Saturday, July 18, 2015

Cablevision wrote that it requires Social Security Number only for "standard retail rates", i.e., rates NOBODY takes.

Cablevision (Mathew, of Corporate Executive Customer Relations (CECR)) wrote a paper letter to me dated June 30, 2015, post marked July 15, 2015, which arrived yesterday July 17, 2015.  You can't make up stuff like this.

I have written several recent posts on this topis, including:

Cablevision called but insisted on recording our conversation. I declined. SUNDAY, JUNE 28, 2015

A couple of days ago a guy (Mathew, I think) from Cablevision called to discuss what's described in my previous post ...

There are two things that federal and state legislatures need to do:
1. Prohibit private companies, especially those providing utility and pseudo-utility services, from demanding that a customer provide them with his/her Social Security number.
2. Ban the recording of conversations unless a copy and/or transcript is made available to the consumer...

Unfortunately, when a company with monopoly or duopoly power in an industry asks it is really a demand.

I call upon my elected representatives to pass legislation to fix this.


Mathew did not provide a last name.  He did provide a phone number (631-846-5317), which I called yesterday about 7 PM.  It was answered by a person who had no idea who Mathew was.  She assured me that Mathew did not have a voice mailbox where I could leave a message.  She did, however, provide an e-mail ID for the group that Mathew is in:  It turns out I already had that for a guy named Thomas Hagzan.  I'll send a link for this post to that e-mail ID and also to:

James Dolan, Cablevision CEO:

OK, here's what Mathew wrote:

... providing your Social Security Number to Cablevision is not a requirement. If a Social Security Number is not provided by a prospective customer, service would still be offered at our standard retail rates.  Please note, we do request a Social Security Number when a customer wishes to sign up for a promotional offer."

Nobody pays standard retail rates when switching to a company like Cablevision. NOBODY. To suggest that this policy is not an absolute requirement is to present a distinction without a difference. It is either ironic or a poor choice of words that Mathew wrote they "request a Social Security Number ... for a promotional offer".  If that's really true then there is no issue.  They request.  I decline.  Cablevision provides service at the rates for a promotional offer.  But that won't happen.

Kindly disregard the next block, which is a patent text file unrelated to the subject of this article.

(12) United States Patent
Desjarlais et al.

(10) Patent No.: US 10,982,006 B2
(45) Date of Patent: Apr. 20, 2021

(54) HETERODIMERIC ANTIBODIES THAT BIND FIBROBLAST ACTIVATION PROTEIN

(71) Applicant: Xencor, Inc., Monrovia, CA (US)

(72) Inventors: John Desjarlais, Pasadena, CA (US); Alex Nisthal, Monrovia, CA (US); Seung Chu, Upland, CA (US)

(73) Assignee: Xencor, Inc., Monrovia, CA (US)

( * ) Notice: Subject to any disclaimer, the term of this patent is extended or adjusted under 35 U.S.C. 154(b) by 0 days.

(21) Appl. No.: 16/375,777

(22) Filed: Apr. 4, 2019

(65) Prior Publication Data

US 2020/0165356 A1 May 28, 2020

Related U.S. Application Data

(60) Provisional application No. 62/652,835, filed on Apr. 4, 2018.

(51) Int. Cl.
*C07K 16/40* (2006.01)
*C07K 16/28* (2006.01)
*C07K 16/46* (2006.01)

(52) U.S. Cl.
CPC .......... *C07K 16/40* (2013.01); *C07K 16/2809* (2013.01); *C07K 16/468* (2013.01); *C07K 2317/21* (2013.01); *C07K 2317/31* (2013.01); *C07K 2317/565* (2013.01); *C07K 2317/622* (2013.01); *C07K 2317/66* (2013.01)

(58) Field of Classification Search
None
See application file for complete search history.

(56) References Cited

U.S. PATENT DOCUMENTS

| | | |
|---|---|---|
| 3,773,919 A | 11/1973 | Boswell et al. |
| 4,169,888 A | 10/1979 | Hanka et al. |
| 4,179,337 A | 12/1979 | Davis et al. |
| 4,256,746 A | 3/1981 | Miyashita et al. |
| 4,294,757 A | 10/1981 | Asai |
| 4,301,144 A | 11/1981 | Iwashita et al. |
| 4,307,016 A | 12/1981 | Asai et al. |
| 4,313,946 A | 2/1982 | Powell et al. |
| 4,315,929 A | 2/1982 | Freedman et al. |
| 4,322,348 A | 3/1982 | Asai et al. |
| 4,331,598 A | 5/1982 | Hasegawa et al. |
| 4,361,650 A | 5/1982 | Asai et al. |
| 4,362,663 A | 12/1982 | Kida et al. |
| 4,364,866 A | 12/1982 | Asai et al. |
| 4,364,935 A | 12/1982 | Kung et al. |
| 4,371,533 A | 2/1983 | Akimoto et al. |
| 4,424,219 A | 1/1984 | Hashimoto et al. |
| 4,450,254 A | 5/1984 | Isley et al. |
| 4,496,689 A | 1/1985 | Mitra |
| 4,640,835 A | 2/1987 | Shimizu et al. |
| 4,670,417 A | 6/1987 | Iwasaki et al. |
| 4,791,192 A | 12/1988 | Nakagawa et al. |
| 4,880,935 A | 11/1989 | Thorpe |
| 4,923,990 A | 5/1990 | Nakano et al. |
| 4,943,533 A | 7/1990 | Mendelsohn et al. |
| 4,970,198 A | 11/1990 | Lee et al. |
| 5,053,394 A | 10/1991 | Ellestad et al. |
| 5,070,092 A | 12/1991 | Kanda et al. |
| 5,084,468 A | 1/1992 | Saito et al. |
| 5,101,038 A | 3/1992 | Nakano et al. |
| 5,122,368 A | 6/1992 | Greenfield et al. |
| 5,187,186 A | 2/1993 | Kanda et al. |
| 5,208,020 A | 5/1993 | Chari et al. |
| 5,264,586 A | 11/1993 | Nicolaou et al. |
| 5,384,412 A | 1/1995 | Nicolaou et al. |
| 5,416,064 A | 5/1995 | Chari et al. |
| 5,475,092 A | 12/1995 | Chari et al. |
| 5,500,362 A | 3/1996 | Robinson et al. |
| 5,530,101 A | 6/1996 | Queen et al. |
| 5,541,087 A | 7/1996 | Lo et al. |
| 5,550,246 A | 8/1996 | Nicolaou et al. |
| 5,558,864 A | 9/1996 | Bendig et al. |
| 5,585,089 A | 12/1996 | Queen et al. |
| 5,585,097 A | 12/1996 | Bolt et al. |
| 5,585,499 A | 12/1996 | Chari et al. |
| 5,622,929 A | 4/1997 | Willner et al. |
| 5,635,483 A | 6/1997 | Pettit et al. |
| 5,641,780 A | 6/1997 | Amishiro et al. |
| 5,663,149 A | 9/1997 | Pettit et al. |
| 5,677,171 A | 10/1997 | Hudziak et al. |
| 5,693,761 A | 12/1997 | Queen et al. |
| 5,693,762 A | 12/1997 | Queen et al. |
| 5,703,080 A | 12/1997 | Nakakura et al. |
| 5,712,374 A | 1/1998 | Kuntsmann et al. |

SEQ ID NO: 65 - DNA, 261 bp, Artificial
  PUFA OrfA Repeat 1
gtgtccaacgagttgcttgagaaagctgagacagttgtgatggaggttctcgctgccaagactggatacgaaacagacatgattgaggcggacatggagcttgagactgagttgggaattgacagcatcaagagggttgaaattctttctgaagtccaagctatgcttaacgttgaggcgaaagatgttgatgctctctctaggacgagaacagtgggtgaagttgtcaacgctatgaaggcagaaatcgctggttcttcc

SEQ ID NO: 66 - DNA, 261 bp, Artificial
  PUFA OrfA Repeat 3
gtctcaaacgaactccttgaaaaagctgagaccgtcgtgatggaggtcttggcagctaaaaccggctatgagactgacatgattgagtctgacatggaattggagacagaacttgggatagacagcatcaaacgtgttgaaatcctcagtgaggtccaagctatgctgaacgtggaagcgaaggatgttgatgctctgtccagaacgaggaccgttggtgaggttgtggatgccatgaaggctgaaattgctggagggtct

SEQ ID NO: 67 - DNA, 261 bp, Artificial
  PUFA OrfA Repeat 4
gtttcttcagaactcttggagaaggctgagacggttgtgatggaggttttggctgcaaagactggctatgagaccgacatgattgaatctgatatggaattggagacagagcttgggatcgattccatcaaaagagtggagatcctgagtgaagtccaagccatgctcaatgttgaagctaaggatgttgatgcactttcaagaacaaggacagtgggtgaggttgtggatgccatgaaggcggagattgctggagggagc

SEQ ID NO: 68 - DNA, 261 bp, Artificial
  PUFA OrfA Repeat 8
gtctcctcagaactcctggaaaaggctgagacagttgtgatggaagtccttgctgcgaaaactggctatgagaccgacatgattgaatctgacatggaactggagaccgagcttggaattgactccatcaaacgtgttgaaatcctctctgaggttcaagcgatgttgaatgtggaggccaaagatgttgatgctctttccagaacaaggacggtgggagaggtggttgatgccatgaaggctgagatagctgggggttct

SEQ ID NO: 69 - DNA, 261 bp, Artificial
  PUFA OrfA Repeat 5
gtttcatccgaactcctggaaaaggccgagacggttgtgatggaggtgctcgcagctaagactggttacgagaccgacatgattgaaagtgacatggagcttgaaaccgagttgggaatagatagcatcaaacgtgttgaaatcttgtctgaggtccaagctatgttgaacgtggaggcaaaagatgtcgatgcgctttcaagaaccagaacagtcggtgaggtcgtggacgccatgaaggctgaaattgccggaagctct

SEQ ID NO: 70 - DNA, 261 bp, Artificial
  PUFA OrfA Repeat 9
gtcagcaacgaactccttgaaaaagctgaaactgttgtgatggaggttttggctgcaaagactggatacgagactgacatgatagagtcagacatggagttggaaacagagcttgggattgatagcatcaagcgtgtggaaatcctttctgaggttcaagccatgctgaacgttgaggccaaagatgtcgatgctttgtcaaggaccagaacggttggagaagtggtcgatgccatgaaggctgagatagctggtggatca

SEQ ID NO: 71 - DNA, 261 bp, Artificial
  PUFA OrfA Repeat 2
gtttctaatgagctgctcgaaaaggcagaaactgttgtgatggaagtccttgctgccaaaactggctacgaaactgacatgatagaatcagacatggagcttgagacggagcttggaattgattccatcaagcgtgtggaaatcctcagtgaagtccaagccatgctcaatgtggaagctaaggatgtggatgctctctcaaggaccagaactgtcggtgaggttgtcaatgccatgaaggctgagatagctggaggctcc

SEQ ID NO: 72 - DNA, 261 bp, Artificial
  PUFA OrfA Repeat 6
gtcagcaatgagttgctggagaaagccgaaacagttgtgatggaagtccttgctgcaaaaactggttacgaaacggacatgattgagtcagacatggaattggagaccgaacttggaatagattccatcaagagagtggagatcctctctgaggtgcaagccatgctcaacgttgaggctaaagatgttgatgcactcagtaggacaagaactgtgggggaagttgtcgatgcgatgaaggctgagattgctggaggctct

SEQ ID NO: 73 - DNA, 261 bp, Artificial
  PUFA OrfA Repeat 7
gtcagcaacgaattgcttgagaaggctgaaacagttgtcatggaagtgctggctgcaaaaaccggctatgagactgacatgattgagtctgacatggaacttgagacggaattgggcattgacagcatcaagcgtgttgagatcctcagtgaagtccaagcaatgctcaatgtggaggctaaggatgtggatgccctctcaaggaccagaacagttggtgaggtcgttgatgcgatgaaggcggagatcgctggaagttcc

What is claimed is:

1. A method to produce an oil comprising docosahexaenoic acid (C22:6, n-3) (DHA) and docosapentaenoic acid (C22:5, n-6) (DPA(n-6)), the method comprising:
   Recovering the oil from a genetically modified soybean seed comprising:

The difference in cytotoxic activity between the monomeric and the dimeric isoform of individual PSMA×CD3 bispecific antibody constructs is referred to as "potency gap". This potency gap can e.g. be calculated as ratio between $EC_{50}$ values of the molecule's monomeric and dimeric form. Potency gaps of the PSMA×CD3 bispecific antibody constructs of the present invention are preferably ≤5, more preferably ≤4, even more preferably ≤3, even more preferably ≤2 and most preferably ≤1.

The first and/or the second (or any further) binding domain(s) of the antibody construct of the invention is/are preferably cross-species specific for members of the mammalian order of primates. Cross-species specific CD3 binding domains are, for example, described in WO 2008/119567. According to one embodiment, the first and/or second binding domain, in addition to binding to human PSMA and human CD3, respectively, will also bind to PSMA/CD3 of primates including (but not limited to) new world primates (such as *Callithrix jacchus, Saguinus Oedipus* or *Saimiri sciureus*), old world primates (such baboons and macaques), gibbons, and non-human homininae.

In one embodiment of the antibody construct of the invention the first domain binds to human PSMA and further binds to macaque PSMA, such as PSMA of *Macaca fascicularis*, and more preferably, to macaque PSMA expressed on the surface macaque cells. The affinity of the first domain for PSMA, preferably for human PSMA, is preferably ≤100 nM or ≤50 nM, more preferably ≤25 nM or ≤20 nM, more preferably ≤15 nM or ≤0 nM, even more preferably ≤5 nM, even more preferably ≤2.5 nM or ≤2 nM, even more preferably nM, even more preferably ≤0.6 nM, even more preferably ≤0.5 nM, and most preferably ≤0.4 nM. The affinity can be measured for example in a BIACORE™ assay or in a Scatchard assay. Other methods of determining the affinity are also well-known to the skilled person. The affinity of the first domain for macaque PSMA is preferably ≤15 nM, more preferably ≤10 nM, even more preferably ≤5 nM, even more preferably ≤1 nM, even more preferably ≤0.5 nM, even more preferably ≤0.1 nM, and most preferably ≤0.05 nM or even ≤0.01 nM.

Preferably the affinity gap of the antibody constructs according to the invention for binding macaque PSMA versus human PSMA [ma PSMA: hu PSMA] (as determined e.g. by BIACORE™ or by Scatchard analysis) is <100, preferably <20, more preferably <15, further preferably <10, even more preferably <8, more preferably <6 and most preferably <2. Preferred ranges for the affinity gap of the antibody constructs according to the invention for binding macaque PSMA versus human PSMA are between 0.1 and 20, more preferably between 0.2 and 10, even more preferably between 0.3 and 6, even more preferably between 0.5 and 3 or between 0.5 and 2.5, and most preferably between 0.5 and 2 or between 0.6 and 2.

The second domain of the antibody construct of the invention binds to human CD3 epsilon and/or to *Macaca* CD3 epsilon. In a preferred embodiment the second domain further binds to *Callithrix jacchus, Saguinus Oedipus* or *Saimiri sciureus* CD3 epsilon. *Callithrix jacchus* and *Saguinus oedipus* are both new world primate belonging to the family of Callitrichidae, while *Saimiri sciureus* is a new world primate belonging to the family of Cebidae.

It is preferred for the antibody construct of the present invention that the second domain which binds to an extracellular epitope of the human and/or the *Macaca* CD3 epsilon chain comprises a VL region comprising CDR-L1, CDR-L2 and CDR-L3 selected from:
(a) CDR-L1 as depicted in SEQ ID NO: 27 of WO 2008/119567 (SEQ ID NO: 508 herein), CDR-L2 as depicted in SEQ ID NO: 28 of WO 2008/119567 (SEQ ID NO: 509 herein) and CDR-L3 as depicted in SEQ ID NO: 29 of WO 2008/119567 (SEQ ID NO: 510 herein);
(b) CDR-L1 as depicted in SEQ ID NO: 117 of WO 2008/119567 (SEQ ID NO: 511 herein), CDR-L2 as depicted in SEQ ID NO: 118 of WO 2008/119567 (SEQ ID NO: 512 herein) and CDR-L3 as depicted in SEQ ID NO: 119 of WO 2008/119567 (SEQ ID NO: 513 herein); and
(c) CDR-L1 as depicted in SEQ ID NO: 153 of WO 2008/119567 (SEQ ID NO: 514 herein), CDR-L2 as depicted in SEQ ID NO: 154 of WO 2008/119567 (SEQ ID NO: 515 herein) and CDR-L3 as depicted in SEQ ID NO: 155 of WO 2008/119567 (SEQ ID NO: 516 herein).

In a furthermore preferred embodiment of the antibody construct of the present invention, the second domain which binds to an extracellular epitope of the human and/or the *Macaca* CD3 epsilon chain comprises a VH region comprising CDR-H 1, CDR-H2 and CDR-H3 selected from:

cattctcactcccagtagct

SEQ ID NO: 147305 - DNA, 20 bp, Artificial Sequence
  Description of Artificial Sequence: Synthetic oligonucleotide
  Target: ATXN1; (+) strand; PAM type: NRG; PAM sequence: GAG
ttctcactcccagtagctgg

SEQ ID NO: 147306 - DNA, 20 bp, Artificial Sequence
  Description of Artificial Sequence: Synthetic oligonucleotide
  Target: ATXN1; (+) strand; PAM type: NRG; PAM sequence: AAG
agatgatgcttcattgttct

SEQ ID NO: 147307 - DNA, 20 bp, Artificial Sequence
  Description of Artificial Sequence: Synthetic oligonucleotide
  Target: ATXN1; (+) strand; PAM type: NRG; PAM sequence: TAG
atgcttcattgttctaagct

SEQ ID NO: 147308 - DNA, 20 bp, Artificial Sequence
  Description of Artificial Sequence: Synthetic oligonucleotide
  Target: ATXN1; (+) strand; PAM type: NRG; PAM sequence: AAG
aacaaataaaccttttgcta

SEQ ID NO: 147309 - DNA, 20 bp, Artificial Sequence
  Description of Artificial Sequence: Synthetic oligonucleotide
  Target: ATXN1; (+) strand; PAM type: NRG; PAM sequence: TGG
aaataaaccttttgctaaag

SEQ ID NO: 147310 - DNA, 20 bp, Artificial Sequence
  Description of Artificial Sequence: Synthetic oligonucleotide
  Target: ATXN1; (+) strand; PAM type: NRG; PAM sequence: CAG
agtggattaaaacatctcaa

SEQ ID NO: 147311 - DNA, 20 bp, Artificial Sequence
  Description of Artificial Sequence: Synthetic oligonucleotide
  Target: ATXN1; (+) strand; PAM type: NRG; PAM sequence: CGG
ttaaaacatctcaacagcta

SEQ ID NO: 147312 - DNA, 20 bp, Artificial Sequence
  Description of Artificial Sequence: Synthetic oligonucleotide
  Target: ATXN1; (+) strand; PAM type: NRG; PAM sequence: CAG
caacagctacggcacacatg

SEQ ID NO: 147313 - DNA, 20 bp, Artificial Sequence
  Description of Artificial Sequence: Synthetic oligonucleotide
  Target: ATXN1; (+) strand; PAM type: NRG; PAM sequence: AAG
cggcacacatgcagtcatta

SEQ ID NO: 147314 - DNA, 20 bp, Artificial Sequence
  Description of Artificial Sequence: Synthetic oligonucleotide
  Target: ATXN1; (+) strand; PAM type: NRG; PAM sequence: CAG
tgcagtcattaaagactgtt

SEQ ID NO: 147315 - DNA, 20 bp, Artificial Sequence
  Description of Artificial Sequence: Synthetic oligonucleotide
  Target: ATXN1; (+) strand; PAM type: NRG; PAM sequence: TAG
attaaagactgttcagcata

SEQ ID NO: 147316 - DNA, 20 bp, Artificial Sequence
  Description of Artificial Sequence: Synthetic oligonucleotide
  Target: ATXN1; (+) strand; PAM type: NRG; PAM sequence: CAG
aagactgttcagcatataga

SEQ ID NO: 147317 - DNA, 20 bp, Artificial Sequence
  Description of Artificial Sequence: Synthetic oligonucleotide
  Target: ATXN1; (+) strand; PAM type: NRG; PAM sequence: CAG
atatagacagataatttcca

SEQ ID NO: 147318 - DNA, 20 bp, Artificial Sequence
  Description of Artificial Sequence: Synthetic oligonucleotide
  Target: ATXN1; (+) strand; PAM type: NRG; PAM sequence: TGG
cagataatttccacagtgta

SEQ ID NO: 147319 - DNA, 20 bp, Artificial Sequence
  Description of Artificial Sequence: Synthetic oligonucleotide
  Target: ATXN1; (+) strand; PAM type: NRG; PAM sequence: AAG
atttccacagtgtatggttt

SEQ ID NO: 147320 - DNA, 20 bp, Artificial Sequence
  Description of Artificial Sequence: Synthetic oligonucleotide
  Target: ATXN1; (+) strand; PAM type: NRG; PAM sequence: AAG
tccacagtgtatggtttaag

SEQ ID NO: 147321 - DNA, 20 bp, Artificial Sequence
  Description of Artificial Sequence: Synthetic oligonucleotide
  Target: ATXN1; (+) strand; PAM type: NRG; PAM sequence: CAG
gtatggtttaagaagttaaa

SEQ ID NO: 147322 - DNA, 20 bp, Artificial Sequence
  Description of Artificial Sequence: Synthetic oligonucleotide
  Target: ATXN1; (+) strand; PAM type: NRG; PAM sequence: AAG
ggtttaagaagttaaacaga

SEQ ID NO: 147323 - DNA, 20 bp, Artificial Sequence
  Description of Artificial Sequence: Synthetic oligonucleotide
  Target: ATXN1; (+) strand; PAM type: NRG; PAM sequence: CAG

Mathew also mentioned the phrase "sign up".  I think part of the attraction of a Cablevision "promotional offer" is that there is no annual contract, so a new customer is not required to "sign up".

Cablevision "promotional offer" is pricing intended to entice you to switch.  Then after the promotional period expires, maybe in a year, the rates increase to, I guess, "standard retail rates".  At that point a customer decides whether to switch and take a "promotional offer" from a competitor, in this case Verizon and its FIOS.  Mathew did not provide any rates, either "standard retail" or "promotional".  He should have.

In his opening sentence Mathew wrote:

"The complaint that you filed with the (New York State) Public Service Commission has been forwarded to my attention for investigation and handling."

New York State Public Service Commission complaint against Cablevision for collecting Social Security numbers. THURSDAY, JUNE 18, 2015

Complaints have also been filed with the FCC, Social Security Administartion and a message sent to the New York State Attorney General.  Messages sent to both U.S. Senators and member of the House of Representatives.  Oh, and Executive Director White Plains Cable TV...

Communicated by phone and e-mail with Thomas Hagzan, Corporate Executive Customer Relations Cablevision: 631-846-5317


Let the "investigation and handling" begin! But do not record conversations without providing me with a copy. And I think that New York State requires that both parties consent to a phone conversation being recorded. Companies do not even come close to asking for consent. They don't even hedge anu more and state that it may be recorded. They tell you that it is being recorded and then plow ahead with their prepared telemarketing script and completely ignore any objection or question. This has to stop.


SteveFL said...

I don't think either of your legislative demands would be bad, but the reality is that in today's world, providers want to have as much info as possible to track down deadbeats and the easiest way to get that info is to either make an offer (sweetener) conditional on it (Cablevision) or to say that "national security rules" require it. But short of a national consumer revolt or some very enlightened governance, it will never happen. In fact, we are sliding the other way.

Kenneth Matinale said...

Cablevision does not require SSN if you pay full price, which no new customer does. That confirms that at least one of the companies in this duopoly pressures customers for SSN. It's amazing that this is allowed, especially in a duopoly or even worse a monopoly.

SteveFL said...

We should be arguing for the death of monopolies or duopolies. Then consumer pressure can have some effect. One of the most egregious examples is the laws that some states passed, at the behest of the local cable company, to make it illegal for local governments to create their own Internet service. The state disallows the cities from implementing a solution to a problem. That is incredible. And the fact that citizens don't seem to care is even more incredible.